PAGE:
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On becoming a Jewish grandparent today, you have to decide how you want to be addressed. (Or more accurately, on becoming a grandparent of children who are able to address you, but of course that is almost immediately in the case of your grandchildren, right?)
There is a range of possibilities. You can go for the conventional, English Grandma and Grandpa, the Germanic Oma and Opa, the modern Hebrew Saba and Savta (if you are lucky enough to have Israeli grandchildren, they will probably call you this without consulting your opinion), or the full-bloodedly Yiddish, Bubbe and Zeide.
There is much to be said for being called Zeide. It conjures up images of homely smiling old men in carpet slippers making kiddush on Friday night, as celebrated in sentimental Yiddish songs.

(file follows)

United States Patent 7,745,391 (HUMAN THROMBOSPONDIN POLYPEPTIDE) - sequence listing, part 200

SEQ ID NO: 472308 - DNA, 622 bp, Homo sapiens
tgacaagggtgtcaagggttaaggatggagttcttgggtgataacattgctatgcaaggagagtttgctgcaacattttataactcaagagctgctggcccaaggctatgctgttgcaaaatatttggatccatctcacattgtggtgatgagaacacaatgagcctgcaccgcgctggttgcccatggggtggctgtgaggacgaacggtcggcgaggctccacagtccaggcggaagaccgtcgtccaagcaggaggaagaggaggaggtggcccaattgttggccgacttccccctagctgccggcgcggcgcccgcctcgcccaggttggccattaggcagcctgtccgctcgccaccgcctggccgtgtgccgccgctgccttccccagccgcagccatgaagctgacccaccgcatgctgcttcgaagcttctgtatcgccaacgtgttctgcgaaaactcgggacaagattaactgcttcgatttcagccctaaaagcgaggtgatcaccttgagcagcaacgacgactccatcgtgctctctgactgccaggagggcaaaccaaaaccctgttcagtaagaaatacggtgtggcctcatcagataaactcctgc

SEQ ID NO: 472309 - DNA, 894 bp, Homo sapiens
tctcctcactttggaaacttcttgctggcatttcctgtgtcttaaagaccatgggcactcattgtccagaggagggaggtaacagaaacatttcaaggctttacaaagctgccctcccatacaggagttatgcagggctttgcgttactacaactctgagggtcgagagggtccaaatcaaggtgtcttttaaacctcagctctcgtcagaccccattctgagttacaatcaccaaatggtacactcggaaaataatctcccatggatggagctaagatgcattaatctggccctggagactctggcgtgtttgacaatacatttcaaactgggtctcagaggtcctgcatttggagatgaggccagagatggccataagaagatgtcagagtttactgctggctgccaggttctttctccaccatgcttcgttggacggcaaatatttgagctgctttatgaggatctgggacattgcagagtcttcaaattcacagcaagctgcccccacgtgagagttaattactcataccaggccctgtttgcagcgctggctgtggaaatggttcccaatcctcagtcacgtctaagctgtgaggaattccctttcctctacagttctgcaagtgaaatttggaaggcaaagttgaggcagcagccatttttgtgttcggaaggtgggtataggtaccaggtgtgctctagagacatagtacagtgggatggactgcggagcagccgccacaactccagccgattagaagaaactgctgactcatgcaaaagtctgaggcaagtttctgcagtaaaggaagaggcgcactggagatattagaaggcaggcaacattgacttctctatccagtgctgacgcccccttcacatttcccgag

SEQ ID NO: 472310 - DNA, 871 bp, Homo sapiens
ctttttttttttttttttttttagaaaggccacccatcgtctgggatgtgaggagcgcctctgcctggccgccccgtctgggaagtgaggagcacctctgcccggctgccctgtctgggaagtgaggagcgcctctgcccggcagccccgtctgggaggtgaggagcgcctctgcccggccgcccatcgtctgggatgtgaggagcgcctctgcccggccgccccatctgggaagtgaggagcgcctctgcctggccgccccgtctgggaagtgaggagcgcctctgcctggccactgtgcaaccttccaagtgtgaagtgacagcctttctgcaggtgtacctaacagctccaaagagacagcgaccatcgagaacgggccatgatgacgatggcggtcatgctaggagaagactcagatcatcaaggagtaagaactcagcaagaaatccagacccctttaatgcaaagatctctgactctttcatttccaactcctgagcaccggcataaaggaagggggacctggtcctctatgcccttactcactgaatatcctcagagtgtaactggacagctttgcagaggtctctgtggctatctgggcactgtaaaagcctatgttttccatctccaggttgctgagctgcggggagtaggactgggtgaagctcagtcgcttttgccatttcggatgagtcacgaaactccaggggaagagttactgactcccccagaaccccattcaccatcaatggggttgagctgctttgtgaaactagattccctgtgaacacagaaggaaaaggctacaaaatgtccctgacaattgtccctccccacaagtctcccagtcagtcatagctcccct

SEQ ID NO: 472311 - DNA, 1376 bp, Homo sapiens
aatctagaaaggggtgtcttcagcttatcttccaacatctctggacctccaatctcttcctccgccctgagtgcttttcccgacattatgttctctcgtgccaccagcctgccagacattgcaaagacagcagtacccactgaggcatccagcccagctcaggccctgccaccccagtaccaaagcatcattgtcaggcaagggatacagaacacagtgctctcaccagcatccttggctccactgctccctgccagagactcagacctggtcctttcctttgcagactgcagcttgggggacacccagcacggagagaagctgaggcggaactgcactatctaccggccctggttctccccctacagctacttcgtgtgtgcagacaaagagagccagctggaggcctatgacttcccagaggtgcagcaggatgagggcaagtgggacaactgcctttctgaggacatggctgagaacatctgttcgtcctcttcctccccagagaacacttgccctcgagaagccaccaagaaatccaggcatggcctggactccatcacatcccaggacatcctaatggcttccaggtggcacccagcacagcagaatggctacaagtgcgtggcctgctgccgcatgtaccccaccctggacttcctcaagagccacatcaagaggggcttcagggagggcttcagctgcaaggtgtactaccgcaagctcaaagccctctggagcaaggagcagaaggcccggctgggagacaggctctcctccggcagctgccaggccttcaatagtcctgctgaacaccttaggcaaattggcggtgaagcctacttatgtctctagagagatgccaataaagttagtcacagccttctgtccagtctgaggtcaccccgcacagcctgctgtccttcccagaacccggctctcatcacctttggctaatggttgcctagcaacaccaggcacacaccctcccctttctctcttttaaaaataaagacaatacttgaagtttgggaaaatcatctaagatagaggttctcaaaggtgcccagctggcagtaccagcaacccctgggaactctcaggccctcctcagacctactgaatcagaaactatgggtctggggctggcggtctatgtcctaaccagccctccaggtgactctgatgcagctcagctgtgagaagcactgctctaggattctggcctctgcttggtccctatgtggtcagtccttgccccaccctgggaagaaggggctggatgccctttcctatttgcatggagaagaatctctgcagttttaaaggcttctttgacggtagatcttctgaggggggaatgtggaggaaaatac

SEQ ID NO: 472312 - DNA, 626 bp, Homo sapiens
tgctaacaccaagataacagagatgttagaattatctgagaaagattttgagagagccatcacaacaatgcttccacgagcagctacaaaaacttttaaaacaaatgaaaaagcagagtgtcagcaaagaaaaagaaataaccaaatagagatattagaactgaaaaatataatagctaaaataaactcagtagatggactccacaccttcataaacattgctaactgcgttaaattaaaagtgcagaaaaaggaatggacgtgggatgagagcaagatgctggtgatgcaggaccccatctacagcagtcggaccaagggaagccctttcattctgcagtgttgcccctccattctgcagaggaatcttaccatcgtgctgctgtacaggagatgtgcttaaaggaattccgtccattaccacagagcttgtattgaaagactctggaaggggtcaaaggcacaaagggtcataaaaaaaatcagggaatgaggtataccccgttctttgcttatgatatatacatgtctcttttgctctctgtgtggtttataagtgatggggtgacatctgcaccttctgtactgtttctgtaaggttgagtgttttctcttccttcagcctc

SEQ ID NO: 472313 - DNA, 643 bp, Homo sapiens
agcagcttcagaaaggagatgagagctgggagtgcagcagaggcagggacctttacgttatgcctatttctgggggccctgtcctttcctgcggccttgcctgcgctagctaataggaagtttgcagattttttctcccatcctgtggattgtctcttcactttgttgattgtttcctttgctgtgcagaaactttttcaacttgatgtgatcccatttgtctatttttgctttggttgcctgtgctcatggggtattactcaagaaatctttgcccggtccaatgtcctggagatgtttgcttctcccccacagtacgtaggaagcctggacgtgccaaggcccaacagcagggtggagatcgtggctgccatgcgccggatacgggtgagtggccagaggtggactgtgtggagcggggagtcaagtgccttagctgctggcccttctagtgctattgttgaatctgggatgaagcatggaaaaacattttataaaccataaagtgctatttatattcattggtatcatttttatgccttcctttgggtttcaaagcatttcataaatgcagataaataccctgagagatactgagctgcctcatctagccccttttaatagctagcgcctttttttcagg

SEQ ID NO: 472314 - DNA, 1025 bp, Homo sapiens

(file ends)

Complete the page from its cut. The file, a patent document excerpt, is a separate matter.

The Shpola Zeide (Rabbi Aryeh Leib of Shpola) wasa famous Chasidic Rebbe of the eighteenth century, so called apparently because of his warm, kindly grandfather-like nature, (although he had a long-running controversy with Rabbi Nachman of Bratslav).
One of my readers, Millie Donbrow from Jerusalem, has wondered for years about the etymology of Zeide. It is from the Polish, dzadiek, meaning grandfather. This looks like Dad, but the OED tells us Dad is an imitation of a babys first sounds. Perhaps that is the origin of dzadiek, too.
Julian Sinclairs book, Lets Schmooze: Jewish Words Today, is published by Continuum